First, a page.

Wednesday, February 24, 2016

Kindergarten registration and readiness at Greenville City Schools

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If your child turns 5 on or before August 1st, he or she is eligible for kindergarten! Greenville City Schools is registering students for kindergarten for the 2016-17 school year on Tuesday, Wednesday, and Thursday, April 5th, 6th and 7th from 1:00 P.M. to 7:00 P.M. at Memorial Hall. You will need to bring an official birth certificate, immunization records, proof of residency, and a photo ID. Your child does not need to be with you for registration. Once you have your child registered, you will be given a day and time for kindergarten screening that will take place in May. Your child will be screened by a speech therapist, a nurse, and a teacher. Your child will be asked to identify letters, count objects, write their name, demonstrate gross motor skills, and have the opportunity to get on a bus.

We are excited for you and your child as you prepare for the transition into kindergarten! This can be a very exciting and yet anxious time for you and your child. We have nine wonderful kindergarten teachers at Woodland Primary that will teach your child many things. It is amazing how much your kindergartener will learn and grow. By the end of their kindergarten year, your child is expected to know all the letter sounds, read beginner leveled books, read and write 35 sight words, write narratives, read informational and how-to books, count to 100, decompose numbers, simple addition and subtraction, and the list goes on.

Things your child should already know before entering kindergarten include how to write their first name, talks in sentences, identify some of the letters in the alphabet, count objects to 10, properly hold a pencil and scissors, recognize their first name in print, and attend to an activity for 10 minutes.

Preparing your child for school should be fun for the both of you! Children will enjoy the interaction, attention and spending time with you. The single most important thing you can do with your child is READ! Reading to your child during this young developmental stage is so very important and the time together in conversation will be forever cherished by your child. Reading is the foundation skill for all learning. Read, read, read and read some more, and then talk about what you read. Have conversations with your child. Listen to your child as he or she retells stories and makes observations about the world.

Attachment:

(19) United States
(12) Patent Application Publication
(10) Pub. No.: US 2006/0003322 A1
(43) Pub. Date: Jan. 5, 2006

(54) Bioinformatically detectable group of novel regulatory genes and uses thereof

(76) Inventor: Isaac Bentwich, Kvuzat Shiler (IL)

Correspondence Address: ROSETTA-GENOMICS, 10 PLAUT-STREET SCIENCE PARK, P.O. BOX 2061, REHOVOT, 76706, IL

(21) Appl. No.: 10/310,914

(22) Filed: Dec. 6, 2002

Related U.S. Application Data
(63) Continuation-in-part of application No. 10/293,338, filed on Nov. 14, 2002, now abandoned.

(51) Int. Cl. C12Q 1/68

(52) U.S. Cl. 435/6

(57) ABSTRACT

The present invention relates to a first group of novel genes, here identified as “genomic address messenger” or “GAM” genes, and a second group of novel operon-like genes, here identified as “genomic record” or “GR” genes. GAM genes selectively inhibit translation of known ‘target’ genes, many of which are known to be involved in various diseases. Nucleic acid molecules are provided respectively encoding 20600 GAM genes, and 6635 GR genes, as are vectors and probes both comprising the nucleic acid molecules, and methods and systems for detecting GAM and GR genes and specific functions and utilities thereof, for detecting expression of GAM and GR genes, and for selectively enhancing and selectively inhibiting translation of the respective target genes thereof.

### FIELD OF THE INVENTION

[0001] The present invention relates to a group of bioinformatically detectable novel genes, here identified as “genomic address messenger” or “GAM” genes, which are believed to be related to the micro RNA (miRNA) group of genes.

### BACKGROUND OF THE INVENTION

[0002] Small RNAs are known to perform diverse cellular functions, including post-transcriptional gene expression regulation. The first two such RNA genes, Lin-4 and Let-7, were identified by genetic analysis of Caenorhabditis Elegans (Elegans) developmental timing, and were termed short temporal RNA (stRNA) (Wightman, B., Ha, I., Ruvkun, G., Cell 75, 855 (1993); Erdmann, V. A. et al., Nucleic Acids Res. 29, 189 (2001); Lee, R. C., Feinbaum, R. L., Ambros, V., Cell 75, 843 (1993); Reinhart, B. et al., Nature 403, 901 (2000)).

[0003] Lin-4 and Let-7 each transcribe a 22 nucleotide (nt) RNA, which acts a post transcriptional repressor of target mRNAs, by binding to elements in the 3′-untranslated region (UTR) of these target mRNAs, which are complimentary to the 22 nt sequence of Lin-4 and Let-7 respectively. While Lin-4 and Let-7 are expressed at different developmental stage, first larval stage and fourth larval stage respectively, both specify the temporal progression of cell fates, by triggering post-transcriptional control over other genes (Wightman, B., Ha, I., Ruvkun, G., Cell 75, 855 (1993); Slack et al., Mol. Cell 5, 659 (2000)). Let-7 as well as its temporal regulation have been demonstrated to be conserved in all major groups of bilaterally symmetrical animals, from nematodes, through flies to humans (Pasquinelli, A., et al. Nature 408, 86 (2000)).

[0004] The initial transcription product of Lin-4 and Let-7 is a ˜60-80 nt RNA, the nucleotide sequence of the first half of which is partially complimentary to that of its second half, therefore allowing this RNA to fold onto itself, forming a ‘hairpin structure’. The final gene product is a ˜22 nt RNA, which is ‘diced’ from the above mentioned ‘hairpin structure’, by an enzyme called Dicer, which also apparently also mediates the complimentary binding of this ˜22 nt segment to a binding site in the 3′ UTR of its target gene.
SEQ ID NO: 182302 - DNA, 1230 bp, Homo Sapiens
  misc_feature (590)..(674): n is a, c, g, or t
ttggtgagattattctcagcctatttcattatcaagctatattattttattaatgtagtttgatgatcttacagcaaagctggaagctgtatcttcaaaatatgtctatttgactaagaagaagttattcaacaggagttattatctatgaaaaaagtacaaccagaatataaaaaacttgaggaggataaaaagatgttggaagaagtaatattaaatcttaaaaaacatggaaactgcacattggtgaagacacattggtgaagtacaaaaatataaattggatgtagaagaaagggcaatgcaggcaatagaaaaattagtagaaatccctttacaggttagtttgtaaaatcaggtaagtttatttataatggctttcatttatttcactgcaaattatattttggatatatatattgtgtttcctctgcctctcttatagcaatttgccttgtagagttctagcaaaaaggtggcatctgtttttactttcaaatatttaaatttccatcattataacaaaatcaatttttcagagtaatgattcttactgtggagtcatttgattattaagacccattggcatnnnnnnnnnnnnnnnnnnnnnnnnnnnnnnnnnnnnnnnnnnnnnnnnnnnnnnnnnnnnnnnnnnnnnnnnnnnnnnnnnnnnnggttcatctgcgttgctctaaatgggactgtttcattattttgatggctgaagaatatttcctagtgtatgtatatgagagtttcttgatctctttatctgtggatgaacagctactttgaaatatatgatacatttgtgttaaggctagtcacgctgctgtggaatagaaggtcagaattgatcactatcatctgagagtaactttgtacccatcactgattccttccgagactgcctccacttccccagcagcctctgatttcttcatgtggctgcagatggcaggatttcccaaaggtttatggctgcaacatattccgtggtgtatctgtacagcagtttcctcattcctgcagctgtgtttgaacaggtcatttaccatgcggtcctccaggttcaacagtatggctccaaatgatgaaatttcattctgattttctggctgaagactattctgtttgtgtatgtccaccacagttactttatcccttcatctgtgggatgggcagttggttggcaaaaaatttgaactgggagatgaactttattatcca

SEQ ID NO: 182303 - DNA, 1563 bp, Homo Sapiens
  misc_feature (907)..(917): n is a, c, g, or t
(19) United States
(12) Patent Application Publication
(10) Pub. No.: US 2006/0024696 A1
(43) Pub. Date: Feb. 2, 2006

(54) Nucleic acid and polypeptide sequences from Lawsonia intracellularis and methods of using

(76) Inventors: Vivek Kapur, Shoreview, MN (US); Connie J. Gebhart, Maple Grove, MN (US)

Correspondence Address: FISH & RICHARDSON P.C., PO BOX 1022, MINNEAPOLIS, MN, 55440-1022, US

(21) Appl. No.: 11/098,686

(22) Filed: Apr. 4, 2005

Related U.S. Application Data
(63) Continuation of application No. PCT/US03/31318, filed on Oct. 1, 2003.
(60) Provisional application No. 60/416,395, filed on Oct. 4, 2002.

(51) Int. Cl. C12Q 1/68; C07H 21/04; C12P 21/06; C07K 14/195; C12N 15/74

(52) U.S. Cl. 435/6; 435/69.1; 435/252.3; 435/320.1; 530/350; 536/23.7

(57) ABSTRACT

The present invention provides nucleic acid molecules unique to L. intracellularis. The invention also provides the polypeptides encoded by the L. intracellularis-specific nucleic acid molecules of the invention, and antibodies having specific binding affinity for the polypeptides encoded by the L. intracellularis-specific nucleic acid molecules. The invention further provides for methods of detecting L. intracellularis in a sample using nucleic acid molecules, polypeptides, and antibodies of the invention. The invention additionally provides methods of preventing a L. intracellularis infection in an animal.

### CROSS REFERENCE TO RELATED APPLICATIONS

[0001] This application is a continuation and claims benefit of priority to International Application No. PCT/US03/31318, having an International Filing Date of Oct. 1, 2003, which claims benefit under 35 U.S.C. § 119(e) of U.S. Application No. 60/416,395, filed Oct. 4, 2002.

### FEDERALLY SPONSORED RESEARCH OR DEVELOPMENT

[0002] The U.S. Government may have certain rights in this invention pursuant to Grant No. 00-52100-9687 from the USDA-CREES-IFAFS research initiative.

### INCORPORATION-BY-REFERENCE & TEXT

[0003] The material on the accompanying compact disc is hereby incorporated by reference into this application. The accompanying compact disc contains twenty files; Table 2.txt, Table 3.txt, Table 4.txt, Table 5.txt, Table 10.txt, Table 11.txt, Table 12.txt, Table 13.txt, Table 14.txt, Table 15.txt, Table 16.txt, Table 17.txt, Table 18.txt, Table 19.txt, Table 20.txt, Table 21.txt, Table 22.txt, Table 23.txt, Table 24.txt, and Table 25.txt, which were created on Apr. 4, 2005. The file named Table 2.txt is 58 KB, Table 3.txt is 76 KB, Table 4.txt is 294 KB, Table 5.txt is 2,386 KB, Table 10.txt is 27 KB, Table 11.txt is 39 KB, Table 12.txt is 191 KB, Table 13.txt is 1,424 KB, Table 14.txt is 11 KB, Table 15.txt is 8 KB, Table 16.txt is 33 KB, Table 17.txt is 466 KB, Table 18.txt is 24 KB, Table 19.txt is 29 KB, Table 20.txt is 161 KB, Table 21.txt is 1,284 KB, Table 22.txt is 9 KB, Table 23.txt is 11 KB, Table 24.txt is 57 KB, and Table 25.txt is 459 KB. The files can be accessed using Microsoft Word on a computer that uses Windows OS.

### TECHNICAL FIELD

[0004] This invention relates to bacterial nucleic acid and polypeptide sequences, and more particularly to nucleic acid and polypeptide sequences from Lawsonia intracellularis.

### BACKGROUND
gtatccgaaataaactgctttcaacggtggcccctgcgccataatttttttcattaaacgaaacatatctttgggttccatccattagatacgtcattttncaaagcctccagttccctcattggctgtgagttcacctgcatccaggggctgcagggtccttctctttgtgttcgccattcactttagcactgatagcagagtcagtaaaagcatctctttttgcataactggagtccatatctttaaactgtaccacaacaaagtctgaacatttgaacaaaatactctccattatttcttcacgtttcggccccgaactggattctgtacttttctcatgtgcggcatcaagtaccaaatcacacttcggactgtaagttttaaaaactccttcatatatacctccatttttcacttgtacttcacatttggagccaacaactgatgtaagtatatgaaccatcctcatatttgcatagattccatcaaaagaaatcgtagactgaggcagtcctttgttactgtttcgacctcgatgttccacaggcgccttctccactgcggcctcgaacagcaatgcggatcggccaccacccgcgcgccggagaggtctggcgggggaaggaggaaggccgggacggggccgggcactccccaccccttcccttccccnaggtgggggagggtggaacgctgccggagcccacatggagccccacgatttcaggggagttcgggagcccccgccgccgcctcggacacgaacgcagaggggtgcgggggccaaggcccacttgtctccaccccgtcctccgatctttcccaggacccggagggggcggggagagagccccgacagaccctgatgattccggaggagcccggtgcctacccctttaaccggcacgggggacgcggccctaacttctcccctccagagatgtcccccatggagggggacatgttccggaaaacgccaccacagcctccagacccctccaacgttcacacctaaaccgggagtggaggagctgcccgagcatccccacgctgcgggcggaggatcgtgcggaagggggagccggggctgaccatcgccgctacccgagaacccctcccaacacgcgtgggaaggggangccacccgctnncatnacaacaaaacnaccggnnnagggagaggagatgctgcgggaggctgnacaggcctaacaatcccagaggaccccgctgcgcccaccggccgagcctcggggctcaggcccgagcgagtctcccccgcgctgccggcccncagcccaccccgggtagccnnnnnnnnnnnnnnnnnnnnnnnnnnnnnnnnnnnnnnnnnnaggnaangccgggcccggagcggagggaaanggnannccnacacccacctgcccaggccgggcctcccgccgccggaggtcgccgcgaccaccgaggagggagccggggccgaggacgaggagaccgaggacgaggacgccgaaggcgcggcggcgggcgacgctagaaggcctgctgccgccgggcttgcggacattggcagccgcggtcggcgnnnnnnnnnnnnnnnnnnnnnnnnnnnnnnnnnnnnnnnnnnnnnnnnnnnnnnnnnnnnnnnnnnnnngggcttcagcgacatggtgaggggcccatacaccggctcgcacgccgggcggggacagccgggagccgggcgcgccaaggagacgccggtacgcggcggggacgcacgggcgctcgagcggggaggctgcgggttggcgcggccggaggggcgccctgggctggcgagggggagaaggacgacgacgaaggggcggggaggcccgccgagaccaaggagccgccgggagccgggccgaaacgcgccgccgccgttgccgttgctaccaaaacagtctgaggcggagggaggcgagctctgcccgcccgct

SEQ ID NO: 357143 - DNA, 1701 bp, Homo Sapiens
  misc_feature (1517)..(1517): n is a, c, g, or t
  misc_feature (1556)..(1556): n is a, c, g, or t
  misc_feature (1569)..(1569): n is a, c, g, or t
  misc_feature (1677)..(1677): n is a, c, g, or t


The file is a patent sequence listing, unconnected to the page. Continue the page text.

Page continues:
Talking to your child, asking questions and listening to their answers is a great way to develop their language skills. Developing language skills will prepare your child for reading and writing. Your child should be able to carry on a conversation, ask questions and listen to answers, retell stories and talk about past experiences, and recognize rhymes. To help your child develop these skills, talk, talk and talk some more with your child; chat about your day, share something funny, ask questions. Retelling nursery rhymes, finger plays, and making up stories will help your child develop the necessary language skills they need to be successful in school.

Playing games such as Uno, Candy Land, and Chutes and Ladders is a fun and interactive way to learn about numbers and counting. Count steps, jumps, M&M’s, how long it takes to run across the room, how many steps from the car to the house etc. Make learning fun! Drawing family portraits, writing family members names, and playing games are great ways to interact with your child. This will help them learn letters, numbers, and storytelling along the way.

Of course there is more than reading and arithmetic to being successful in school. Physical development, fine-motor and gross motor skills, self-help skill, social and emotional skills along with a healthy diet and sleep patterns are very important as well. To do well in school, children need to be supported and nurtured in all areas of development. Establishing consistent routines of going to bed and waking up at the same time every day and doing the same activities before bed helps the child know what to expect and prepares them for the kindergarten schedule. So, encouraging outdoor play, coloring and drawing with your child, eating balanced meals and spending quality time with your child will naturally prepare them for school.